I was recently in a men's small group setting when the leader asked, "Does anyone have any thoughts or questions?" After an extended awkward silence, one of the the guys we'll call "Joe" spoke up: "I'm afraid", he said. "I'm engaged and I'm afraid of getting married." As Joe took a breath before continuing, the leader jumped in and began what seemed like a five minute rambling monologue on how fear of marriage is normal and reasonable, every guy has it, he had it, don't be surprised by it, and you just have to seek God for strength to push past it. My immediate thought was, "STOP TALKING! Why don't you ask him what he's afraid of ?!" I was frustrated, annoyed and convicted. I'm sure I've done the same thing to many innocent victims. I'm often much more concerned about blessing people with my "wisdom" than I am about patiently taking a journey into the depths of their heart to discover their real need.
I emailed Joe the next day and invited him to get together some time. He gladly accepted and we met for lunch later that week. After a few minutes of small talk, I gently steered the conversation toward our last meeting. "You shared that you were afraid of getting married. Do you mind me asking what your specific fears are?" As Joe eagerly opened up and began to share his story I was taken back. Although he grew up around church and "prayed the prayer" as a child, Joe truly put his faith in Christ when he hit rock bottom just a few years ago. After a drug and alcohol fueled binge that left him unconscious and unemployed, Joe reached out to his brother for help. Not long after they talked, he surrendered his life to Jesus and was baptized. He went to a Christian rehab, joined a Christian recovery group and things seemed to be going great. Then there was the relapse. In the midst of the chaos, his now fiancé became pregnant with their daughter. In response to my original question, Joe said that he is afraid he wouldn't be marrying her if they didn't have a child together. He also fears what might happen if he relapses again. On top of all of this, his brother, who led him to Christ and taught in the marriage ministry at his church, is now separated from his wife. Initially, all I could say was, "Wow. Thanks for sharing." I was so glad I asked "Why?"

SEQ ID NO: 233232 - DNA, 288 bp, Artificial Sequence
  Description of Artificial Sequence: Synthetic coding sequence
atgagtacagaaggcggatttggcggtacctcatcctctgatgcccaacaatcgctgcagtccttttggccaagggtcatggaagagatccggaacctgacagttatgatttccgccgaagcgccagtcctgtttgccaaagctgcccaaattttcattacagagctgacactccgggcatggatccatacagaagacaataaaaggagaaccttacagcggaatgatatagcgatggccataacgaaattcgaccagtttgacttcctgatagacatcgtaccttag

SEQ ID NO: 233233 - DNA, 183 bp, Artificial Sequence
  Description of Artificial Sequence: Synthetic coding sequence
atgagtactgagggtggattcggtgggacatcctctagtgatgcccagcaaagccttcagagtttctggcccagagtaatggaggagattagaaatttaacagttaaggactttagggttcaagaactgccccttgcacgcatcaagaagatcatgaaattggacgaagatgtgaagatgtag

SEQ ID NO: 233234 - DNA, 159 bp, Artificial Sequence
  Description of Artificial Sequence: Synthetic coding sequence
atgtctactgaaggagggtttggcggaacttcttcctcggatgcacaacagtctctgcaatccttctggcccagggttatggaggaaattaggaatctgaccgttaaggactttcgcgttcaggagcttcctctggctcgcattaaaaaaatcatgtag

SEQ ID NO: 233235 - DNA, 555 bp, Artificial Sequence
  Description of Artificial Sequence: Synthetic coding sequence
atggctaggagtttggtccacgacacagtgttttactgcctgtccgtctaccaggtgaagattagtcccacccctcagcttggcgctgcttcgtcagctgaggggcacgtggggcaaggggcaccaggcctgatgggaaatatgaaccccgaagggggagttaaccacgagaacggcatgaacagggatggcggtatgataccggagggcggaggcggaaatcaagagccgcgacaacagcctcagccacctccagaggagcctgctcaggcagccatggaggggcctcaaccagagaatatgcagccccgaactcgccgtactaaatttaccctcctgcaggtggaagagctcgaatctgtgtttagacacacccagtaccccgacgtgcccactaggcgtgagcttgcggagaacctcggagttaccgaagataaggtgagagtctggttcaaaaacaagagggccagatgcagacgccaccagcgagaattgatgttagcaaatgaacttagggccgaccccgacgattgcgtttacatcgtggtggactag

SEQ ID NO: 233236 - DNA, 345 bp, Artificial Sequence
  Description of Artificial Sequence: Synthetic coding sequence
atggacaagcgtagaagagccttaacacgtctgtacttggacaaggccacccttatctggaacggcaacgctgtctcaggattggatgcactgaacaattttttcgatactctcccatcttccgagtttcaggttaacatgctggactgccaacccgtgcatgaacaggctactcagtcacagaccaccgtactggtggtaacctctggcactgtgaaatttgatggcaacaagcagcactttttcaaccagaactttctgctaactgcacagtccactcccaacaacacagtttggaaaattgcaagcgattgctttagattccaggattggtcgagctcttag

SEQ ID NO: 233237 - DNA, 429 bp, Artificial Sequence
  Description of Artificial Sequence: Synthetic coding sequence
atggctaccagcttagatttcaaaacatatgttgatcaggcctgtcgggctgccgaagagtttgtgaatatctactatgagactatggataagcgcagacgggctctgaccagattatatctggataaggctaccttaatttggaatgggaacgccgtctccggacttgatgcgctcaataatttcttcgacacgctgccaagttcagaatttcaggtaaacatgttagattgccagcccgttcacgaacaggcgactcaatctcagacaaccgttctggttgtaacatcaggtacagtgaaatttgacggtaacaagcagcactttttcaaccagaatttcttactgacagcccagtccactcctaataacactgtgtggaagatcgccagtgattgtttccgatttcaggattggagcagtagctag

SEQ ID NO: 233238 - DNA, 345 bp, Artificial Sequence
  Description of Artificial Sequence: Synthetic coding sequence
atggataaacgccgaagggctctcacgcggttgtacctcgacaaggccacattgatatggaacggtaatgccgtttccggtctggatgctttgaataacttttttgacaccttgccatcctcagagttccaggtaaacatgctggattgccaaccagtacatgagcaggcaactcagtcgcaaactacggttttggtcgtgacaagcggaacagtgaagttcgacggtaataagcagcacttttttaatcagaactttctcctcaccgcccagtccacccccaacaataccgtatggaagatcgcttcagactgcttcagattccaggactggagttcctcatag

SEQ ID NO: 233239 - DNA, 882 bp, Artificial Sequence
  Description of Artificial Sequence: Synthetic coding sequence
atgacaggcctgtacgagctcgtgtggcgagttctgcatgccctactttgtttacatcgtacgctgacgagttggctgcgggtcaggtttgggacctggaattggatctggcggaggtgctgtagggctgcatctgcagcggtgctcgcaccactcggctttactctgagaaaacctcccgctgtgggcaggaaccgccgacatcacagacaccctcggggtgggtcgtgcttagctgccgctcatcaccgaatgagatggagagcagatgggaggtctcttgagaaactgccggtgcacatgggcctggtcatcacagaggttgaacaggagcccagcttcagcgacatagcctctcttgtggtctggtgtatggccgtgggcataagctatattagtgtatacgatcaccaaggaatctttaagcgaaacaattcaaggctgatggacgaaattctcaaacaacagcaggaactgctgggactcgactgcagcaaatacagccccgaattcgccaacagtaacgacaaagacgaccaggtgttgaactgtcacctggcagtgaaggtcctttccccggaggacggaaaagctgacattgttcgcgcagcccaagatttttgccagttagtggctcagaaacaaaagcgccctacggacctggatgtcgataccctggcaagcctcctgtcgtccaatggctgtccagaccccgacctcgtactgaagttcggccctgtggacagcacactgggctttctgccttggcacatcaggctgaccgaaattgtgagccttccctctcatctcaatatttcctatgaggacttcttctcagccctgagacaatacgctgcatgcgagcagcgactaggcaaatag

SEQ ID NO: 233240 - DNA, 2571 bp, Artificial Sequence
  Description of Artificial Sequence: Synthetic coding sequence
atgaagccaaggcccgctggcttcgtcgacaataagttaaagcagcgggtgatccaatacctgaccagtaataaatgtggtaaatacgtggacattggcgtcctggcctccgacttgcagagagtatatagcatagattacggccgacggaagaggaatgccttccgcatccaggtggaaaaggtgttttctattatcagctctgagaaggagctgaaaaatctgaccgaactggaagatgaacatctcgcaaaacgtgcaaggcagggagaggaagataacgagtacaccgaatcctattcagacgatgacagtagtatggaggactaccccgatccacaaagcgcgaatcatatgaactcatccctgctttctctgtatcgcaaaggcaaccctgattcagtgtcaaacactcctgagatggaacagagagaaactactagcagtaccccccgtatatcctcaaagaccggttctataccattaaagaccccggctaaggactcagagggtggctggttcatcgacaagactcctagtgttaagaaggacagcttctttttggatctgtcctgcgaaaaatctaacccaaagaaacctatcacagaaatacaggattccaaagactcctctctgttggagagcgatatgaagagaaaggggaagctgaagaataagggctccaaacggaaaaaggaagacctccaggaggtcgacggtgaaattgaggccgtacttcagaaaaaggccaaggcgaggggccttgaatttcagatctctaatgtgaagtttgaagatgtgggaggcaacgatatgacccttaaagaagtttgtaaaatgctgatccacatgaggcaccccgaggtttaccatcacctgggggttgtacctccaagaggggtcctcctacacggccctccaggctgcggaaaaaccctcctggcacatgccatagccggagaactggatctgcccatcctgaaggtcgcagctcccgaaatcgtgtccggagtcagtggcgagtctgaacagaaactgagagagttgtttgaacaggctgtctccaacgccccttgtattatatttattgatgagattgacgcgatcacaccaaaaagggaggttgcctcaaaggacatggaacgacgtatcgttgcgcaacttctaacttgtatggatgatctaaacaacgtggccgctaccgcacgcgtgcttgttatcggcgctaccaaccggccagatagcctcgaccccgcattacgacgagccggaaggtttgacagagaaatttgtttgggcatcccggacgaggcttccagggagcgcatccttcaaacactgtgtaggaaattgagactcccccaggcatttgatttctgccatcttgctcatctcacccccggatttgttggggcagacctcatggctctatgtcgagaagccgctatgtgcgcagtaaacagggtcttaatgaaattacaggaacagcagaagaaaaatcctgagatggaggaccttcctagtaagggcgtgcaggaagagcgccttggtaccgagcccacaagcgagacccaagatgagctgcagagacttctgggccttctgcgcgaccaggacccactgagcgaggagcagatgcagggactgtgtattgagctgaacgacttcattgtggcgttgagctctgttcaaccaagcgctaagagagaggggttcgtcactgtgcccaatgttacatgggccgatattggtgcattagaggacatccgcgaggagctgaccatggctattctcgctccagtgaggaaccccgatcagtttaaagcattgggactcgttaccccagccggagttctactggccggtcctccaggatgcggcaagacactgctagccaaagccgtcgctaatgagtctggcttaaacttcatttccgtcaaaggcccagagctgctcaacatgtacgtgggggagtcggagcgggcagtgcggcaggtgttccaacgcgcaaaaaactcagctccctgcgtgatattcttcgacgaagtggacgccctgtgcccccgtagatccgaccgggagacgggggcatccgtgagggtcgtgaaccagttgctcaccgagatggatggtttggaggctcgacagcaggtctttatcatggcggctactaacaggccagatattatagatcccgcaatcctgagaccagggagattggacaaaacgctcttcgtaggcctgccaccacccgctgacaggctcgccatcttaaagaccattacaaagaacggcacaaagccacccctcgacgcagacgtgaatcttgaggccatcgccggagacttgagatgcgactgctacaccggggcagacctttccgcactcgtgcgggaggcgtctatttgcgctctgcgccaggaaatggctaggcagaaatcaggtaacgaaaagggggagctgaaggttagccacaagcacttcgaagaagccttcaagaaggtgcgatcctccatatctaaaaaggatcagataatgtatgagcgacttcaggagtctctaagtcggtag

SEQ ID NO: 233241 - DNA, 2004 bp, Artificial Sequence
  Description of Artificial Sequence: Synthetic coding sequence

Does Joe have anything to be afraid of? Absolutely. Does he just need to push past his fear and pray for strength? Absolutely not!
Humbled, I eventually responded with a few ideas about his current situation, but mostly thanked him for his honesty and asked if we could get together again soon. "Definitely", he replied. I hope to share some suggestions with Joe about how to successfully pursue a Christ-centered sobriety and to help him wrestle with his questions about his engagement. But most of all I hope to continue to be his brother; his asking and listening brother.
When we don't ask "why" we are like a doctor who doesn't interview the patient or listen to their symptoms. People's issues are generally far more complex than we realize. Our diagnosis of their problem will most likely be as accurate as the amount of our research. How many times have I been guilty of quickly responding with a Christian cliché or slapping a Bible verse on someone's situation without knowing the full story?
When Jesus, encountered a blind beggar He asked, “What do you want me to do for you?”(Mark 10:46-52) Jesus clearly knew this man's problems and needs, yet He still took time to ask and listen. There are many more examples where Jesus begins His ministry to people by asking questions. Can you think of a few? If the Son of God cares enough to ask and listen, shouldn't we?
I want to ask more questions. I want to listen without waiting for a chance to speak. I want to know people beyond the surface. I want to be better at helping them at their true point of need. I want to be more like Jesus, don't you?
To learn more about asking and listening, check out this recent post on my friend Zach Nielsen's blog: "The Evangelistic Power of Listening"